Have you tried booting the computer with a Linux Boot CD? Sometimes you have better success accessing older drives that way.
      Note: you may have to connect the USB adapter before booting to the CD.

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      TheChas

      Check and / or change the drive jumpers.

      Some drives will not connect if the jumpers are not set correctly for a single drive.

      Try both cable select and single (master) with no slave present options.

      Chas

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      Galaxy4643

      I have found this helpful when changing the HDD attached to the USB connector in the same session.

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      Simply_Michael

      I think you should install the usb drivers again.

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      0 Votes
      Simply_Michael

      I think you should install the usb drivers again.

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      0 Votes
      Galaxy4643

      I have found this helpful when changing the HDD attached to the USB connector in the same session.

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      0 Votes
      TheChas

      Check and / or change the drive jumpers.

      Some drives will not connect if the jumpers are not set correctly for a single drive.

      Try both cable select and single (master) with no slave present options.

      Chas

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      0 Votes
      Darryl~ Moderator

      Have you tried booting the computer with a Linux Boot CD? Sometimes you have better success accessing older drives that way.
      Note: you may have to connect the USB adapter before booting to the CD.

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      0 Votes
      Simply_Michael

      booting from Linux boot cd might be work if you have an idea how to use linux, yes moderator is right

      +
      0 Votes
      mjd420nova

      There are a large number of drives from many different manufacturers that have their own little disk & software to start the drive so the OS can recognize it. The only other fault I've seen is a good drive with a partition but nothing else is recognized by the OS. This happens when you try to look at a drive from one of the satelite or cable box DVR units. Data recovery can be pretty expensive. I done some myself but only with a same model drive unit and access to a clean room so I could swap the platter from the bad to a known good unit. Tedious and costly.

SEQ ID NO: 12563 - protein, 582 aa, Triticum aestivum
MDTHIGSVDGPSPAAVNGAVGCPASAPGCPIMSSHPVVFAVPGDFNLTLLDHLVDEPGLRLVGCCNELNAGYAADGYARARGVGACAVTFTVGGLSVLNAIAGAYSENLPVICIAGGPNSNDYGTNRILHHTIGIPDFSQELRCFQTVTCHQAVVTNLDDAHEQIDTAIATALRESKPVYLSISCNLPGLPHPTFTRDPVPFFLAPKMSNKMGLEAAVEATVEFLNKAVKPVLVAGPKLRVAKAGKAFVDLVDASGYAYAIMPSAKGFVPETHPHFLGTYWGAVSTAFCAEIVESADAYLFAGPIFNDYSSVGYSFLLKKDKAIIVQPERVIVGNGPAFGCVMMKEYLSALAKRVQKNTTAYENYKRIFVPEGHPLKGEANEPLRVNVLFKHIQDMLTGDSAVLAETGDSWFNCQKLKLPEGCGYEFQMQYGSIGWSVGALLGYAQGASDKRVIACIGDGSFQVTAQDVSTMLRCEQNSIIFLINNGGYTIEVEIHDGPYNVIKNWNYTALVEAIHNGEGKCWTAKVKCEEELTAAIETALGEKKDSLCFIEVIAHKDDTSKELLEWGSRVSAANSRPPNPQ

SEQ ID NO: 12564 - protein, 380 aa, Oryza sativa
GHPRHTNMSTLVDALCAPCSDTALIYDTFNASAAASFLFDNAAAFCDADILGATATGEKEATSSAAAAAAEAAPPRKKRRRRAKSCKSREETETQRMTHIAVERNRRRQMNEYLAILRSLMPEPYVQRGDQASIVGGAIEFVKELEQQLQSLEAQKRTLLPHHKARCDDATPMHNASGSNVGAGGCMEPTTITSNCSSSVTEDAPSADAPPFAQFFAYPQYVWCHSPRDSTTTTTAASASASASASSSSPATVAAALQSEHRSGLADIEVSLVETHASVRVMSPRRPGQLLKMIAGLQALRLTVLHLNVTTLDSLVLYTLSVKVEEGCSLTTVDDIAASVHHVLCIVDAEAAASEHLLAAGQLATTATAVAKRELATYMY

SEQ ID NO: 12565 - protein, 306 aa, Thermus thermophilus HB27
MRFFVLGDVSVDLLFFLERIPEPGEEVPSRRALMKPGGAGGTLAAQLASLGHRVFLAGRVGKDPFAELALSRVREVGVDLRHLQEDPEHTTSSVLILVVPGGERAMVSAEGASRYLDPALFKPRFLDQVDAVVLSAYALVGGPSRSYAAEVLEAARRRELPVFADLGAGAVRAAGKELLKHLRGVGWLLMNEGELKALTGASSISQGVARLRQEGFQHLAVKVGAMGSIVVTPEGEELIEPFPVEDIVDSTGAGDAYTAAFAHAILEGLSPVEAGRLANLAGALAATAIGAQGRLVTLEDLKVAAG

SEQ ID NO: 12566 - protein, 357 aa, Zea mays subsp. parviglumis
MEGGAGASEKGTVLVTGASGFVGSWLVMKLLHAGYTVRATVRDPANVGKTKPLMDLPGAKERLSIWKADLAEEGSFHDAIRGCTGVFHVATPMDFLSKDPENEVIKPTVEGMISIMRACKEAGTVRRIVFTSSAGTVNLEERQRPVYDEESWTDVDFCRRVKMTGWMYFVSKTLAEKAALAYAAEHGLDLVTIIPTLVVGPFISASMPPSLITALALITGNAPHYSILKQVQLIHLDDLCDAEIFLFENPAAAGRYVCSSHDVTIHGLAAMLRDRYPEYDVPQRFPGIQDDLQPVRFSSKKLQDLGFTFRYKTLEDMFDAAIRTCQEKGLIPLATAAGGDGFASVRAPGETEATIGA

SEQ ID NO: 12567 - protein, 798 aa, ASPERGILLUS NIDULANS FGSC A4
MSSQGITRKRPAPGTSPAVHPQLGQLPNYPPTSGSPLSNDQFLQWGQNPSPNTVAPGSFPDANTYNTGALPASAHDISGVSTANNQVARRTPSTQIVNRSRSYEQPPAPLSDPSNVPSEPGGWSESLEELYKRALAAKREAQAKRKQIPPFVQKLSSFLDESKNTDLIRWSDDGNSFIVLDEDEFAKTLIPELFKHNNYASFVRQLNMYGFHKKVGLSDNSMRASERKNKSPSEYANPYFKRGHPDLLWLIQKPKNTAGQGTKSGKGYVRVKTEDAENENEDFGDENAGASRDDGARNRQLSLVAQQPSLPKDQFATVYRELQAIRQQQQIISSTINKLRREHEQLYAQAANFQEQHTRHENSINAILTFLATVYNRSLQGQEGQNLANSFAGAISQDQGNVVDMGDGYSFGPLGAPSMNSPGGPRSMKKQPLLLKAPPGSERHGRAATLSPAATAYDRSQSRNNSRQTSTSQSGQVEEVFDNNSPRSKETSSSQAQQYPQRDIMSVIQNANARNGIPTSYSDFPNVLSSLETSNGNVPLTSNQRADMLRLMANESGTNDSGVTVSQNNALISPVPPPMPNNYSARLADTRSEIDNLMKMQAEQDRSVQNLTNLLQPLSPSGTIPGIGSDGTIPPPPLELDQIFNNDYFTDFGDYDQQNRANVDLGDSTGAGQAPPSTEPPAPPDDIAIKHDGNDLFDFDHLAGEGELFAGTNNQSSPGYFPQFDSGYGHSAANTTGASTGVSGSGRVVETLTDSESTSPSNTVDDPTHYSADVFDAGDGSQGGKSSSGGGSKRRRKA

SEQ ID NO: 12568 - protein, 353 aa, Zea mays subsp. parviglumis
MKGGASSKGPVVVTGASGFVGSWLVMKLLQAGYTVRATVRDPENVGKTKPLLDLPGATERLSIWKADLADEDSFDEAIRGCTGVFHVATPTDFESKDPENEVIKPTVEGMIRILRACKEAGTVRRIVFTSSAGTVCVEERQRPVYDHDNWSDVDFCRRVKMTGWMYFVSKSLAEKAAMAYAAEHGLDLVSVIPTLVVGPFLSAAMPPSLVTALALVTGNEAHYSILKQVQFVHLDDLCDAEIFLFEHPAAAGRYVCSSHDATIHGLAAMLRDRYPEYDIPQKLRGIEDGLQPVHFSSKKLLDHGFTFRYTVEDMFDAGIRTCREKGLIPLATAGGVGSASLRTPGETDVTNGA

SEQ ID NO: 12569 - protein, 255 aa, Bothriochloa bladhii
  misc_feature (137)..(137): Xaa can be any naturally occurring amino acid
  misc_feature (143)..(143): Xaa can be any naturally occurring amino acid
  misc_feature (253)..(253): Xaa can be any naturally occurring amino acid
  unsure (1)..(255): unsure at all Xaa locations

+
      0 Votes
      SmartAceW0LF

      I use these USB-IDE adapters daily. Here are a few issues/resolutions I have encountered with them regarding the systems failure to detect the drive.

      1.) Wait. On some systems, the detection (and ensuing driver installation) of the USB adapter can take an unusually long time.

      2.) Especially in scenarios where drives are swapped around in varying scenarios, connect the USB adapters plug to a different port. Then refer to item 1.

      3.) Drive still not detected? Check the Disk Management Console for a drive needing to be "Initialized". If one is found, attempt to initialize it. If successful, problem solved. If not, refer to next item.

      4.) If Disk Management Console detected the drive but was unable to initialize it, remove the drive from the adapter. Find a PC to install the drive into. Make sure the jumpers are properly configured for installation into the specific PC you are connecting it to. Once installed, power up the PC, ready to intercept the loading of the OS by hitting the proper key to enter the BIOS setup utility. Make sure BIOS detects the drive and registers its size correctly. If so, save and reboot to Windows (or other). If not detected by Windows, double check jumper settings and then Drive Mgmt Console. If you still can not access the drive and its contents, at this stage you will need to seek further professional help.

      +
      0 Votes
      miaip

      I also don't know what to do.

      +
      0 Votes
      jqbecker

      I have found that some IDE drives need to have all jumpers removed. Then plug it back into a USB port, then skip down to SMARTACEW0LF's other suggestions below if still not working.

      +
      0 Votes
      da.holland

      Had you tried to assign a drive letter to it through Control panel > Administrative Tools > Computer Management > Disk Management ?